In the episode The Price of Salvation Detective Sonny Koa (Aaron Fa’aosa) assists Mere Hahunga to reign in her wayward son, Sam. Sam has been involved in a brutal robbery led by the notorious Ned Reweti, the local Maori gangster. Koa feels it is his duty to ensure that Sam does the right thing by testifying against Reweti but Sam is not so easily convinced. His reluctance jeopardizes Koa’s own position within the investigation and ultimately leads to dire circumstances. Meanwhile, Malik is hell bent on seeking justice for the death of his only son by ruthlessly tracking down the killers. When the case claims another victim, Malik is determined to reveal the truth. But this proves to be more difficult and frustrating than Malik expects and he rapidly loses patience.
The episode cuts between these two storylines cleverly; interweaving the threads in a complex fashion that keeps you biting your fingernails and gasping at the television screen with anticipation. Each shot is framed with class and conviction, the camera honing in on important details but not lingering too long on the extraneous. The editing is quick and snappy so that the storyline steams along at a decent pace. After watching the last couple of series, I am now quite fond of the cast’s familiar faces. Their well-developed characters have become hyper-real extensions of my furtive imagination as they join me in my lounge room while I sip on a peppermint tea or toast my toes in front of the heater. Each season has built upon the last, adding layers of complexity to the narrative and solidifying its storytelling rigour.
But perhaps, what I appreciate most about this series is its willingness to engage with current socio-political issues and debates. It is not afraid to dissect the very real cultural divisions and racist opinions that exist in contemporary Australia, today. Rather, it courageously confronts these “difficult” issues by demonstrating the very real ramifications they have on the people involved. Both explicit and implicit racism is still prevalent within our society. East West 101 acknowledges this and encourages us as audience members to open up these displays of inappropriate and unacceptable behaviour to a broader cultural analysis and criticism. It prompts us to question our immediate, often unthinking, emotional reactions and identify them as either warranted responses or irrational prejudices.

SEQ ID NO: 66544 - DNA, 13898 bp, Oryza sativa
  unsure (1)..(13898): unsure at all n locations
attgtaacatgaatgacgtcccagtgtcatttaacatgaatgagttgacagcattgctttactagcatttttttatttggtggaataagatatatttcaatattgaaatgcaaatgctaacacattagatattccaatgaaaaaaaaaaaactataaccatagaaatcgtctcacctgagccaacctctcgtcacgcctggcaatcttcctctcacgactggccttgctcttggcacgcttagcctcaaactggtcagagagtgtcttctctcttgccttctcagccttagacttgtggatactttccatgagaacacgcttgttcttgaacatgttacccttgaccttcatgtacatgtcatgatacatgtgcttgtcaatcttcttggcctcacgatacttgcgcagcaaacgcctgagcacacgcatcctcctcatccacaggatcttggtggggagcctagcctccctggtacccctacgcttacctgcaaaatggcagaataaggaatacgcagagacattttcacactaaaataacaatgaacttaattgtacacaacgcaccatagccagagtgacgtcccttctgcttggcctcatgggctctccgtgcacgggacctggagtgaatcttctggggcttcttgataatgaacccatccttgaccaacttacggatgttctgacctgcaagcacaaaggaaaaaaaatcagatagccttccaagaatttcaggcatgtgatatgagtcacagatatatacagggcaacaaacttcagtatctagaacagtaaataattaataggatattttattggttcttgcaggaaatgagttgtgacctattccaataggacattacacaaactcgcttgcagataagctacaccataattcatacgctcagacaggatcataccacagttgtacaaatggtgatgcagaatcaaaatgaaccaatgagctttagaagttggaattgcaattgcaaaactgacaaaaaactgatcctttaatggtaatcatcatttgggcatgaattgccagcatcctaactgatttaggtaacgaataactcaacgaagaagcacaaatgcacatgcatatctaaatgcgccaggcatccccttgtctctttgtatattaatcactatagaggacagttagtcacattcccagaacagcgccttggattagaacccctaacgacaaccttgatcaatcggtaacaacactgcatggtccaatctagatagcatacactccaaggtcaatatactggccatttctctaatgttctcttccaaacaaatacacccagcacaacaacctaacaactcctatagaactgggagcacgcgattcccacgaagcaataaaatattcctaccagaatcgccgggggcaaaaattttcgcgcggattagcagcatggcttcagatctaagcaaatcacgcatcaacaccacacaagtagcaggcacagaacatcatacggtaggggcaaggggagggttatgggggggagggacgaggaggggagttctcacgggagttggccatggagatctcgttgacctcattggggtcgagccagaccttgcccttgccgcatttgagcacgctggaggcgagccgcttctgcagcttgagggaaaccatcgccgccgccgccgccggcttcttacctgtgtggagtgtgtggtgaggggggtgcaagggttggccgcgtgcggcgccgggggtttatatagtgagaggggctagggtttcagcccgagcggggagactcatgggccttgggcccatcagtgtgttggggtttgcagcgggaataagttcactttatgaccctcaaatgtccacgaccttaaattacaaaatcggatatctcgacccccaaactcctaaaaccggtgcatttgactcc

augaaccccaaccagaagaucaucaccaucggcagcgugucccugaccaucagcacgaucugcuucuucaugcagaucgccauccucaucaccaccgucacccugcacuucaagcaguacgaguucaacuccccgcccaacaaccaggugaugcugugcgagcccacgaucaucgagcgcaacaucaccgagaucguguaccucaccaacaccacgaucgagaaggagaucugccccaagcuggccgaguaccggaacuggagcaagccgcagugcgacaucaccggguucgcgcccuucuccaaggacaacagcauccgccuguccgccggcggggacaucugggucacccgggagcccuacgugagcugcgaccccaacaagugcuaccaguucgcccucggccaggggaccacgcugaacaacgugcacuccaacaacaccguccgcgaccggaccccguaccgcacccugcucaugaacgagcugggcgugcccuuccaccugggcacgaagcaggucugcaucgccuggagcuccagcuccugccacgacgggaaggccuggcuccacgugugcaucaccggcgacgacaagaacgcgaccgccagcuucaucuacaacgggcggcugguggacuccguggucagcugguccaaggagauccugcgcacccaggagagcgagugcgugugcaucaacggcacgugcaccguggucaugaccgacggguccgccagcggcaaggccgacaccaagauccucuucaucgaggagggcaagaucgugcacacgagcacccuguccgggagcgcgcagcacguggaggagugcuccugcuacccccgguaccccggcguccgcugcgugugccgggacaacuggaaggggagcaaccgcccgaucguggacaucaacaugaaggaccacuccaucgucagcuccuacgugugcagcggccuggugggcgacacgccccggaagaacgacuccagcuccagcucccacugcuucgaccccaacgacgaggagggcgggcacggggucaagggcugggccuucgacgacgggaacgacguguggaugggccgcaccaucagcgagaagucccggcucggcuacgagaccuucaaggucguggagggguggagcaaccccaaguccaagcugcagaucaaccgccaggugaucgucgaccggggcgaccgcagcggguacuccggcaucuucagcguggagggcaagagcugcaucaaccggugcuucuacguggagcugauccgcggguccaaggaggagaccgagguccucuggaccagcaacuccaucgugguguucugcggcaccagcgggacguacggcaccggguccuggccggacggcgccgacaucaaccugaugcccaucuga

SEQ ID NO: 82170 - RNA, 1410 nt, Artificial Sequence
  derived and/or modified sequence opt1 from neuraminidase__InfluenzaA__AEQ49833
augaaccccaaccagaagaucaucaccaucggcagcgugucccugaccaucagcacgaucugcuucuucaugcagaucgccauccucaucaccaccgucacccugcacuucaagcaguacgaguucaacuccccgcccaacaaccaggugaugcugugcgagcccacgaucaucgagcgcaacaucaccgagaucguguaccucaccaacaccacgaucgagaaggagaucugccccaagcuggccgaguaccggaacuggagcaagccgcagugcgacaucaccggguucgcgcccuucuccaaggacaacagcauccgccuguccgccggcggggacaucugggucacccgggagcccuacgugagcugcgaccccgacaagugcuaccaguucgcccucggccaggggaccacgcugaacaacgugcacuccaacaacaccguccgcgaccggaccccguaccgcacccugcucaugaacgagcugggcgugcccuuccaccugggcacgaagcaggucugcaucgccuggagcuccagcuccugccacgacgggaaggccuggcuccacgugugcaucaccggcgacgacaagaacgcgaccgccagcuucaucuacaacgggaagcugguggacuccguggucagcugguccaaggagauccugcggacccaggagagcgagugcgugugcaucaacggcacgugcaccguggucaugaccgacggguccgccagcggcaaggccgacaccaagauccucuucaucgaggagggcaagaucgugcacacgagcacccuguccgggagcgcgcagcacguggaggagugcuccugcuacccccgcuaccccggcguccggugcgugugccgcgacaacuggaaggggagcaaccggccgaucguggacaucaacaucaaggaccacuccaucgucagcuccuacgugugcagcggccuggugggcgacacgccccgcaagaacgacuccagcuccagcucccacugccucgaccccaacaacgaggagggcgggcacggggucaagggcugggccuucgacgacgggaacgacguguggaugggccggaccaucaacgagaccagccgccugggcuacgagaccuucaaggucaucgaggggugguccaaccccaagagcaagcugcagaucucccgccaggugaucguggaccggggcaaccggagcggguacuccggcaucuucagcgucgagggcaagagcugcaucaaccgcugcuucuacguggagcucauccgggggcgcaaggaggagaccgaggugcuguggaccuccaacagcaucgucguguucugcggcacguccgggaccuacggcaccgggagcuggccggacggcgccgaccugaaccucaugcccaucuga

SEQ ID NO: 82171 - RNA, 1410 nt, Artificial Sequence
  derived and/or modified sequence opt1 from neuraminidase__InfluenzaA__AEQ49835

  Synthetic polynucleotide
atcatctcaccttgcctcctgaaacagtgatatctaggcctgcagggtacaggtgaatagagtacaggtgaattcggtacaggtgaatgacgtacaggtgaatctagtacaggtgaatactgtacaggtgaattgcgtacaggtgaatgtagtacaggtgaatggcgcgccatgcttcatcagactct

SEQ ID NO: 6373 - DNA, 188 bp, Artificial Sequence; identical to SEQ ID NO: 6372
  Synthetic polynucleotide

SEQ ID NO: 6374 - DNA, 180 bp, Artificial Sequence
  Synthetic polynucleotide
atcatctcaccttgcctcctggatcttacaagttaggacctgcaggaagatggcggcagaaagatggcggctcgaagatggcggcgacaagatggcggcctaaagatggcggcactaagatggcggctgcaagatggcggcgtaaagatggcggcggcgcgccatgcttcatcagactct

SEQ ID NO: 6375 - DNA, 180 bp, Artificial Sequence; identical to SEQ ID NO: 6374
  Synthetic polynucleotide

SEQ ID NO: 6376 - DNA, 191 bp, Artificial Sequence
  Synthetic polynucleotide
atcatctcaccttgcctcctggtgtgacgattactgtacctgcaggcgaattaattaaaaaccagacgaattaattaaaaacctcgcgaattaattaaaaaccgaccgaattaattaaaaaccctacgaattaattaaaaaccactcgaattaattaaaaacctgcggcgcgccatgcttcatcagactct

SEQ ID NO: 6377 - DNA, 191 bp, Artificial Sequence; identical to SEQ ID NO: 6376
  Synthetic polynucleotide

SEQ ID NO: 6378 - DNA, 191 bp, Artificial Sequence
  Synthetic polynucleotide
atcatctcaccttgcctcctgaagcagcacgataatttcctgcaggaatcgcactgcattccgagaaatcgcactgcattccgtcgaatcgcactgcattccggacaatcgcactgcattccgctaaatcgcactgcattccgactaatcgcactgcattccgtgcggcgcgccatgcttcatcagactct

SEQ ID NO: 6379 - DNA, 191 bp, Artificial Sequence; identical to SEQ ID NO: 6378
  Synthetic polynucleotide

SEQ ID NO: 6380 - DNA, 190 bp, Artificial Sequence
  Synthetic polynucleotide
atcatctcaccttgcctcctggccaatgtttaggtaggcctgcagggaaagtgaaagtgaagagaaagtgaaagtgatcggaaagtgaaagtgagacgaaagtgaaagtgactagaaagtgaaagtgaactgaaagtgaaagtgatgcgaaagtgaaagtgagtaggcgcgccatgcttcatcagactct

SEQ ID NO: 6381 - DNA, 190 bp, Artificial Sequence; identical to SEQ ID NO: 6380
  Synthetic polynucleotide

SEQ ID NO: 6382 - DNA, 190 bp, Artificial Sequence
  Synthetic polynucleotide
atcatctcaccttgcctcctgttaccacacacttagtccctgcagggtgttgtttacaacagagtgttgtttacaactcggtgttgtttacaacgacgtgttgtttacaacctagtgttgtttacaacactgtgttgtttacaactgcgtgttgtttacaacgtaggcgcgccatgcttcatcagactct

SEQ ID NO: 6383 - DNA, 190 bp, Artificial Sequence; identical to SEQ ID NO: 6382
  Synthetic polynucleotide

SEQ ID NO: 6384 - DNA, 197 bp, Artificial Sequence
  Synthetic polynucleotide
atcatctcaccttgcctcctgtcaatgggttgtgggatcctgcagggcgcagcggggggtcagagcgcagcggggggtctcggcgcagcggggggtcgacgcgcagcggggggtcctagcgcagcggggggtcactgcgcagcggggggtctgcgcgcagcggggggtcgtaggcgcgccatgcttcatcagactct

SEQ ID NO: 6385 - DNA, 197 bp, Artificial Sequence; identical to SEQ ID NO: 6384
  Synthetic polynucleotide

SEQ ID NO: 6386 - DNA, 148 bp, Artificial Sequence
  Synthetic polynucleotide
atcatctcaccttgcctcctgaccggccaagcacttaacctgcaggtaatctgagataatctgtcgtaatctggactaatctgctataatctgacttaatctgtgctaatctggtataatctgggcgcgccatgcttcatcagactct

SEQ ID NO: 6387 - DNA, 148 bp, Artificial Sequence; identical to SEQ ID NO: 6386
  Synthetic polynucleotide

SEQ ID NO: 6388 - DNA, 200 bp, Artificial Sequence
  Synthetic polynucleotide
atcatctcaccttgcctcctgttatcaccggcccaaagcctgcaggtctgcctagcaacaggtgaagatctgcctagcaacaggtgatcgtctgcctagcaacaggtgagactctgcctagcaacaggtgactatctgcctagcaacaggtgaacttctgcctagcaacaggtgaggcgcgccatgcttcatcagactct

As the series has only just finished airing, I am reluctant to divulge too much more information. I would prefer to encourage you to watch it online or on DVD, your bum on the edge of your seat and your eyes glued to your screen. If you’re anything like me then you will watch with unabated enthusiasm, one episode after the other, as the team grapples with the next installment of corruption, rape or murder. Remember, this is Australian crime drama at its best. You won’t be disappointed.
All three series of East West 101 are now available on DVD.
East West 101: AFI Award Wins
▪ Best Television Drama Series (2009)
▪ Best Direction in Television – Peter Andrikidis (2009)
▪ Best Lead Actress in a Television Drama – Susie Porter (2009)
▪ Best Telefeature, Mini Series or Short Run Series (2008)
East West 101: AFI Award Nominations
▪ Best Screenplay in Television – Michael Miller and Kristen Dunphy (2009)
▪ Best Lead Actor in a Television Drama – Don Hany (2009)
▪ Best Direction in Television – Peter Andrikidis (2008)
▪ Best Screenplay in Television – Kris Wyld (2008)
▪ Best Lead Actor in a Television Drama – Don Hany (2008)
▪ Best Lead Actor in a Television Drama – William McInnes (2008)
▪ Best Guest or Supporting Actor in a Television Drama – Taffy Hany (2008)
Read Previous ‘Why I Adore’ Posts:
Paul Anthony Nelson (the ‘Why I Adore’ godfather and founder) introduces the concept, and rhapsodises about Mad Max. AFI Membership Administrator Lia McCrae-Moore revisits the lyrical beauty of One Night the Moon and Clem Bastow reminisces about a childhood spent watching the television show Round the Twist. Or you can read Anthony Morris flirting with disaster in his adoration of Romper Stomper, Annie Stevens going bridal with Muriel’s Wedding, or Popzilla bowing down before the altar of literary screen adaptations.
Contribute: We’re currently looking for more ’Why I Adore’ articles devoted to Australian film and television. Send a one paragraph summary to editor[at] afi.org.au and we’ll get back to you with more details.